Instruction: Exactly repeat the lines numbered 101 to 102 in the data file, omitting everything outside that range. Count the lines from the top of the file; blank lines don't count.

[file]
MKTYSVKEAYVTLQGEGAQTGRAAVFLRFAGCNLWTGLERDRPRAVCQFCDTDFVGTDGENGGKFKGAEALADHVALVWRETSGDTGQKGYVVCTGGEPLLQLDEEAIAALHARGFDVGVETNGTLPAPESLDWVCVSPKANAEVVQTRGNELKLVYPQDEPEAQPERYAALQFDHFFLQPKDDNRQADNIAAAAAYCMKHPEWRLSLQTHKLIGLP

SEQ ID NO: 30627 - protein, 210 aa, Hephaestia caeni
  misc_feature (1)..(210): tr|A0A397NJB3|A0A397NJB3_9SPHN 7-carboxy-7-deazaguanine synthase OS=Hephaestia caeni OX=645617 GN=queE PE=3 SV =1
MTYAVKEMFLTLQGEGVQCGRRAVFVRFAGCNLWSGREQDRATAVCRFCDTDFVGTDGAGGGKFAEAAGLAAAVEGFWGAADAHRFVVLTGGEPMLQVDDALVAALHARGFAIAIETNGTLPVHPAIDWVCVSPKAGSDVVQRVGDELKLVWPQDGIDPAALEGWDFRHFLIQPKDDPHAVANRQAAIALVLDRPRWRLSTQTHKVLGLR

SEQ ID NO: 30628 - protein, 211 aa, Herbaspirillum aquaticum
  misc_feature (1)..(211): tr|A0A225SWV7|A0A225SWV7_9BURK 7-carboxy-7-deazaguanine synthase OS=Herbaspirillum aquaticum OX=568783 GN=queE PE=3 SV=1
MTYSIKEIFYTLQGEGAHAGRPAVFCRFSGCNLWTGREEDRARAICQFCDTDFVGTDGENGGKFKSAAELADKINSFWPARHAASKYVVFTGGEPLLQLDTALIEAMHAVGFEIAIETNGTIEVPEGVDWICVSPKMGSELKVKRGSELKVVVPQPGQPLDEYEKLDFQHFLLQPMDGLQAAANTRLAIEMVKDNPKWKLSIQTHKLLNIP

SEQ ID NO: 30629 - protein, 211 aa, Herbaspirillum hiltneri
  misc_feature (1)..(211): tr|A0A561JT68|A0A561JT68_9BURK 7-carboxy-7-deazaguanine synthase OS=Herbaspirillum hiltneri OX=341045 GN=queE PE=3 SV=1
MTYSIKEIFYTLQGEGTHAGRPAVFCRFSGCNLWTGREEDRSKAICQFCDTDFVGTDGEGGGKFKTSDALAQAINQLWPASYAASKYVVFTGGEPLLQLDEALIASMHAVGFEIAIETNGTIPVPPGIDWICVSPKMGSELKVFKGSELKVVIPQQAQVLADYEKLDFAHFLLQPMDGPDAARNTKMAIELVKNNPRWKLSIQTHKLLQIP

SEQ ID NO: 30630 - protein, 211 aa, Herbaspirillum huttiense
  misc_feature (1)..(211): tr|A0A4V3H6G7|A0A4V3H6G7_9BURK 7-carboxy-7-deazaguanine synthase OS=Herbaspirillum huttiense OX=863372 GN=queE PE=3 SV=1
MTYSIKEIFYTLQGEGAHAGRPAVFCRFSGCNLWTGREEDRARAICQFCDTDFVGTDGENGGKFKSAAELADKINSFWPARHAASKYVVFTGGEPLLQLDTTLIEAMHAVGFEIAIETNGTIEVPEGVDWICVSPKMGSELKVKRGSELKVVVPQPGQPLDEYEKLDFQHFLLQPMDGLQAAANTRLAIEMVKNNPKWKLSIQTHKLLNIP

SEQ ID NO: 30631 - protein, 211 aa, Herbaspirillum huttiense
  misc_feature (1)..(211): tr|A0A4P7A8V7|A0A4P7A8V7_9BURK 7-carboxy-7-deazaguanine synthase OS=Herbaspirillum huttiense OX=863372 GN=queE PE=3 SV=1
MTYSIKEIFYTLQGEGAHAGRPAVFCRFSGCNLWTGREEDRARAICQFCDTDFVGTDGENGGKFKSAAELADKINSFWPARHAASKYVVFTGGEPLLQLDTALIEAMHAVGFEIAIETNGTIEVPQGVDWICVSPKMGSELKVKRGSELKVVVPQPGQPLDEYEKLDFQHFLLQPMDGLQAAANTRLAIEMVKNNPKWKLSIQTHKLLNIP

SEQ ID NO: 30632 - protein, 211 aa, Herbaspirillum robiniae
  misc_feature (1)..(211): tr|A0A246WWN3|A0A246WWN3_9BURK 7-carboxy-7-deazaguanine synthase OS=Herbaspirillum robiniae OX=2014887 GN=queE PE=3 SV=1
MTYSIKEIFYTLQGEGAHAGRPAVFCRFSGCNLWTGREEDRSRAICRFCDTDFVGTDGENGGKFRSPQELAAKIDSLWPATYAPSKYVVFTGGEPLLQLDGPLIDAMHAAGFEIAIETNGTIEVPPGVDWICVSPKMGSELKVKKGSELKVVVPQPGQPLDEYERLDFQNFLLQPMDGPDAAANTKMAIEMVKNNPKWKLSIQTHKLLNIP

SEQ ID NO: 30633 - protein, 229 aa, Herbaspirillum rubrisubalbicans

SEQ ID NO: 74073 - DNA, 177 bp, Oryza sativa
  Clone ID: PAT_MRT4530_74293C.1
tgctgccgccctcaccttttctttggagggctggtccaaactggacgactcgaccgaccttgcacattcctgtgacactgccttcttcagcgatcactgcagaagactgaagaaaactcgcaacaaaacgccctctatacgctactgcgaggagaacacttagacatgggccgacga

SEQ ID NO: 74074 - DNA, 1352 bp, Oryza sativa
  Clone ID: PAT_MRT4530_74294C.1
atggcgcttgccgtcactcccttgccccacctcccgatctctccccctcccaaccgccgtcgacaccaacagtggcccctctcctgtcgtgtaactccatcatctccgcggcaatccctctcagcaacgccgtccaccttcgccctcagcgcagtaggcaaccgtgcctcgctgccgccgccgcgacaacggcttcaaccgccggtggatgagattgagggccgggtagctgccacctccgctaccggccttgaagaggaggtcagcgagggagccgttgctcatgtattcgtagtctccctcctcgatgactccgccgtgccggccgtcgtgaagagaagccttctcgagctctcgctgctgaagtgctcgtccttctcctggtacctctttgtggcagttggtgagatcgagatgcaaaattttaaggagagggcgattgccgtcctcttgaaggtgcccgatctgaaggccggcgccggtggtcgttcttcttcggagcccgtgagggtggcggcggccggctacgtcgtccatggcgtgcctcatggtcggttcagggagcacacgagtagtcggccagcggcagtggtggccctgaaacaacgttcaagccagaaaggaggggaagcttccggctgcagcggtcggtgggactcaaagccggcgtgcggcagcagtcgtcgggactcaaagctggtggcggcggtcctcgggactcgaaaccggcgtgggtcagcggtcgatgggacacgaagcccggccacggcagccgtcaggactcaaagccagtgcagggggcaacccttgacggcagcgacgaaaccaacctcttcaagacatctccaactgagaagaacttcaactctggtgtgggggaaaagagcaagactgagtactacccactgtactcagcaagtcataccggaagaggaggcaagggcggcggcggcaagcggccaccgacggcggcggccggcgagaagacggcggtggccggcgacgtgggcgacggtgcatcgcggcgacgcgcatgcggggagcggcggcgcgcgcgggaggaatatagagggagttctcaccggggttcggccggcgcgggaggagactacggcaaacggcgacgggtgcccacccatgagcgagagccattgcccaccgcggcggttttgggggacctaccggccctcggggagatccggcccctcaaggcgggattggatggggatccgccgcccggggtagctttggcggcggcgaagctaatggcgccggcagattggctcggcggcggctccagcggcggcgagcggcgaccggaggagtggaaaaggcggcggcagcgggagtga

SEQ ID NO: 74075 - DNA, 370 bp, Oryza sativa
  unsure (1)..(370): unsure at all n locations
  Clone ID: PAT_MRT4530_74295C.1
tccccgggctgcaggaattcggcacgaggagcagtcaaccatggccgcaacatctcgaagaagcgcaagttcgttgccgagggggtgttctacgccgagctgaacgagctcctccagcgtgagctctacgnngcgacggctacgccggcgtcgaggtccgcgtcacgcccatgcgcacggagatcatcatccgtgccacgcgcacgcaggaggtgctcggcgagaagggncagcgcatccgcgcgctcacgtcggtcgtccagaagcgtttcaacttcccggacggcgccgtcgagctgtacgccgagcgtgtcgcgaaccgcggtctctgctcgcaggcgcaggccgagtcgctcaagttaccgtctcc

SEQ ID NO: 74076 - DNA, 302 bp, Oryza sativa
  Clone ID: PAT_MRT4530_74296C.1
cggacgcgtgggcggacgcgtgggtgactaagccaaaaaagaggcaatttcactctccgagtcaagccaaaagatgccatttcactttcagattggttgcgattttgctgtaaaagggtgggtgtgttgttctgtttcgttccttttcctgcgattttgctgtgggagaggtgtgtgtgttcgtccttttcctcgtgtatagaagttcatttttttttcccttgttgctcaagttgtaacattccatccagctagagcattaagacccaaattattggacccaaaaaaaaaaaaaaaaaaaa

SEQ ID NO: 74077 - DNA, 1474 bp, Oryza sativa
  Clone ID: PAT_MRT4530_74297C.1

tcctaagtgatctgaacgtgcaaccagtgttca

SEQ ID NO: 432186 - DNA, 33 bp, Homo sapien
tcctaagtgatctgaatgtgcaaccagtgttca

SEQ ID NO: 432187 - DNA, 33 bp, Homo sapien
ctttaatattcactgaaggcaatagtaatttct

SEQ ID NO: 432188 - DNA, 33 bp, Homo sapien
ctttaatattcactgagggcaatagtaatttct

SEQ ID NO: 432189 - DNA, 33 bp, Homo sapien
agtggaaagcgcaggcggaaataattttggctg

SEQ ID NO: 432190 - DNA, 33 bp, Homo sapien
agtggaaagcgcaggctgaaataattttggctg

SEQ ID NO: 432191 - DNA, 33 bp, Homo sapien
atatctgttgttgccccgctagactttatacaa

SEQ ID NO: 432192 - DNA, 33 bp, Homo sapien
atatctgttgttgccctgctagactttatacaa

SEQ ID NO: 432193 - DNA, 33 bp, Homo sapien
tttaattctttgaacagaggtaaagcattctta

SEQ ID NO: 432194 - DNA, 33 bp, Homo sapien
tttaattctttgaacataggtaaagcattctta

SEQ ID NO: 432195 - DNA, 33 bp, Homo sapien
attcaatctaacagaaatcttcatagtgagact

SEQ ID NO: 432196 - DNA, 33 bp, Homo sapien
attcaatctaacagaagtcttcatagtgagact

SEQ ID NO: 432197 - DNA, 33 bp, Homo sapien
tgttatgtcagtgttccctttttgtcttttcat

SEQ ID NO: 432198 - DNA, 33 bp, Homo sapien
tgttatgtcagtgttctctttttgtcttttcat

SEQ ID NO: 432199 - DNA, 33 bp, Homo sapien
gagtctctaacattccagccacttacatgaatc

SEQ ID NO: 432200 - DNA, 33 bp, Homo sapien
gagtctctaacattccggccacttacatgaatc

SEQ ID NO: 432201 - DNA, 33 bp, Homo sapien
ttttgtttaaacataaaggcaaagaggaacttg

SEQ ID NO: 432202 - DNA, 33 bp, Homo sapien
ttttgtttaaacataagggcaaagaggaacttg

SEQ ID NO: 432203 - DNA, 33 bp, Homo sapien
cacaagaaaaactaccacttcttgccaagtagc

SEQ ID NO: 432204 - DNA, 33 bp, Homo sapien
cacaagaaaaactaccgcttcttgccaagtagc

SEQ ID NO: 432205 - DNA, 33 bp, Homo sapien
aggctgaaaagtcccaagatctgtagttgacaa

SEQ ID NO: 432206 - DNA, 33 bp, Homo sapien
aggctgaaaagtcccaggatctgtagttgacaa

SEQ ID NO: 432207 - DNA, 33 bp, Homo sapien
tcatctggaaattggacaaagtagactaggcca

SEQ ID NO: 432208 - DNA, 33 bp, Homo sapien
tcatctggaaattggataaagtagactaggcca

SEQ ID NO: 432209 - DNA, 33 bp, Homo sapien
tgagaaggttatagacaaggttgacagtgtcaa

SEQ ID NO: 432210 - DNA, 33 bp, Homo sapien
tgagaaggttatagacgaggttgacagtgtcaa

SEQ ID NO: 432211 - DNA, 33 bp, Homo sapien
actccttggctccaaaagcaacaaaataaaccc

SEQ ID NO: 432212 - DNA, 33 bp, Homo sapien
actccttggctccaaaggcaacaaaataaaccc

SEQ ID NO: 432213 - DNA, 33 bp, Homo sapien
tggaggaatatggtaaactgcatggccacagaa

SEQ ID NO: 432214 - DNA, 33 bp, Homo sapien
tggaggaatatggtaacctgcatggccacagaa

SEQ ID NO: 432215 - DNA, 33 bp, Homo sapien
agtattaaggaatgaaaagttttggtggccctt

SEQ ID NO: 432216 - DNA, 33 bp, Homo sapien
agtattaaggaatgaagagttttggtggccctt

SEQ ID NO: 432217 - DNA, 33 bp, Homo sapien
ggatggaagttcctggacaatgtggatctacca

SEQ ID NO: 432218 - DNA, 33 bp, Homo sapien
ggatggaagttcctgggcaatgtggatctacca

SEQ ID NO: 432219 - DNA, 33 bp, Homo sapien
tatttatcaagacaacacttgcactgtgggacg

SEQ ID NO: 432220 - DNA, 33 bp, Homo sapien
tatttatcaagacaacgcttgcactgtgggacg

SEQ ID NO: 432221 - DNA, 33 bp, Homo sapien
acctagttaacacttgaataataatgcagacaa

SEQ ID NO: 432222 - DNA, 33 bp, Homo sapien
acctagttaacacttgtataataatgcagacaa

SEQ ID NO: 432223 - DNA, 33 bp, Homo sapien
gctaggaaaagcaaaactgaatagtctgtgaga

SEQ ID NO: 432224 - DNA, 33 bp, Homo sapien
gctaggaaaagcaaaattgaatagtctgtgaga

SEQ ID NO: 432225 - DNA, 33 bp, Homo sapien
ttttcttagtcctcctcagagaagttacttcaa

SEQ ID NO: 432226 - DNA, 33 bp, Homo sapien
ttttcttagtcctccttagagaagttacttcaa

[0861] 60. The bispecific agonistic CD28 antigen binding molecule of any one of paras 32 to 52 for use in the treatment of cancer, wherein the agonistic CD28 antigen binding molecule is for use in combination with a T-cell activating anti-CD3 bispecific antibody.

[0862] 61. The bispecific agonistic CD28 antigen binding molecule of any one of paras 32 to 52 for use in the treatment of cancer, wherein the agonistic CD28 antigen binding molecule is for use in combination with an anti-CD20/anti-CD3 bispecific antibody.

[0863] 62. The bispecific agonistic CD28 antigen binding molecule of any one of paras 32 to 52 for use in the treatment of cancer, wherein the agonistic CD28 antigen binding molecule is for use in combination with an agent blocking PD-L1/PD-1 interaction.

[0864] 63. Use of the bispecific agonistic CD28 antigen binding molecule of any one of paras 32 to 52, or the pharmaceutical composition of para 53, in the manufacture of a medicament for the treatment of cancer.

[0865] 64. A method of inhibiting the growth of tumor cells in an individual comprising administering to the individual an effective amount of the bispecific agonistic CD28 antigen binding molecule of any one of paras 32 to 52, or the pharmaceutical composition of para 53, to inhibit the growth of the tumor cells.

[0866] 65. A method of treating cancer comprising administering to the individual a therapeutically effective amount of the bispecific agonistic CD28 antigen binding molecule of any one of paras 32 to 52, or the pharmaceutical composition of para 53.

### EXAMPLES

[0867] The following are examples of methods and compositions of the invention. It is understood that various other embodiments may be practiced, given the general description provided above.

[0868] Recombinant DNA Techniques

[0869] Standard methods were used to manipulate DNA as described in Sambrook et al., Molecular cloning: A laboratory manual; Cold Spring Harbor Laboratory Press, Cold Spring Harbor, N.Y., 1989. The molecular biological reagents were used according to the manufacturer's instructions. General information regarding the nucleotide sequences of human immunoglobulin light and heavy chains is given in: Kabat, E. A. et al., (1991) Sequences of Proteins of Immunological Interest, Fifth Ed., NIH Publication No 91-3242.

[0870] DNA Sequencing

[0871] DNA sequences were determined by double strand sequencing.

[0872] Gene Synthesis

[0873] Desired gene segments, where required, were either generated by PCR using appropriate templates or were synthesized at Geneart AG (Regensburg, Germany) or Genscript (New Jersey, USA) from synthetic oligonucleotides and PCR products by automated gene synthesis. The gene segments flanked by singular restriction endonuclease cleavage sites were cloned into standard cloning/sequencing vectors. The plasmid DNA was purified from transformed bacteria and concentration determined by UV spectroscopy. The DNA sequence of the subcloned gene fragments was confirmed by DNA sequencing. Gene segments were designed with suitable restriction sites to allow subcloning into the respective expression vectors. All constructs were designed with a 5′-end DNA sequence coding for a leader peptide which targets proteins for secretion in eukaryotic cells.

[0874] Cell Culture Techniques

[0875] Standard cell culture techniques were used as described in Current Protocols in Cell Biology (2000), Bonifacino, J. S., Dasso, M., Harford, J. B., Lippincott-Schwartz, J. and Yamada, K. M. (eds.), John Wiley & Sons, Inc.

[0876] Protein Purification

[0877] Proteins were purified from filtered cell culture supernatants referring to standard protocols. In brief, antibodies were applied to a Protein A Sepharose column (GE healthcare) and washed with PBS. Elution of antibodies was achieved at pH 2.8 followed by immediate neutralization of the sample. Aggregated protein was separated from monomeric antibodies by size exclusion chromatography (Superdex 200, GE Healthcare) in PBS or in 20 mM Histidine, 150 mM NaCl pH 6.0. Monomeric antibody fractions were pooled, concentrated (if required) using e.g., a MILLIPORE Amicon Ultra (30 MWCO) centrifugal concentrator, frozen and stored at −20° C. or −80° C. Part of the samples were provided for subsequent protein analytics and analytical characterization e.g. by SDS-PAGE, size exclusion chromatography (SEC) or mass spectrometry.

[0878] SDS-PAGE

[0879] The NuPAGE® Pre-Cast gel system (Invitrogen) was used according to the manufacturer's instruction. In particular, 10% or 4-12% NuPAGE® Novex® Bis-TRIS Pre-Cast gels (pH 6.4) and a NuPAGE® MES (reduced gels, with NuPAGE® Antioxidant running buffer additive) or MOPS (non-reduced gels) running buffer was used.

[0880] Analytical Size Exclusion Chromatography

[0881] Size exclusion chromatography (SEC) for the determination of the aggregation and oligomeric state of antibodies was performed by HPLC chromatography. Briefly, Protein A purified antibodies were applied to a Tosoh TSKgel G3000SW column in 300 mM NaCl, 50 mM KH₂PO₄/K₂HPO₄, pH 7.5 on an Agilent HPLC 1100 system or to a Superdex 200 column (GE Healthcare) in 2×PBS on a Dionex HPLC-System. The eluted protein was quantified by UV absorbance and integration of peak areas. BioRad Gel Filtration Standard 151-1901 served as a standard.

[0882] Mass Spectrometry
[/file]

SEQ ID NO: 432218 - DNA, 33 bp, Homo sapien
ggatggaagttcctgggcaatgtggatctacca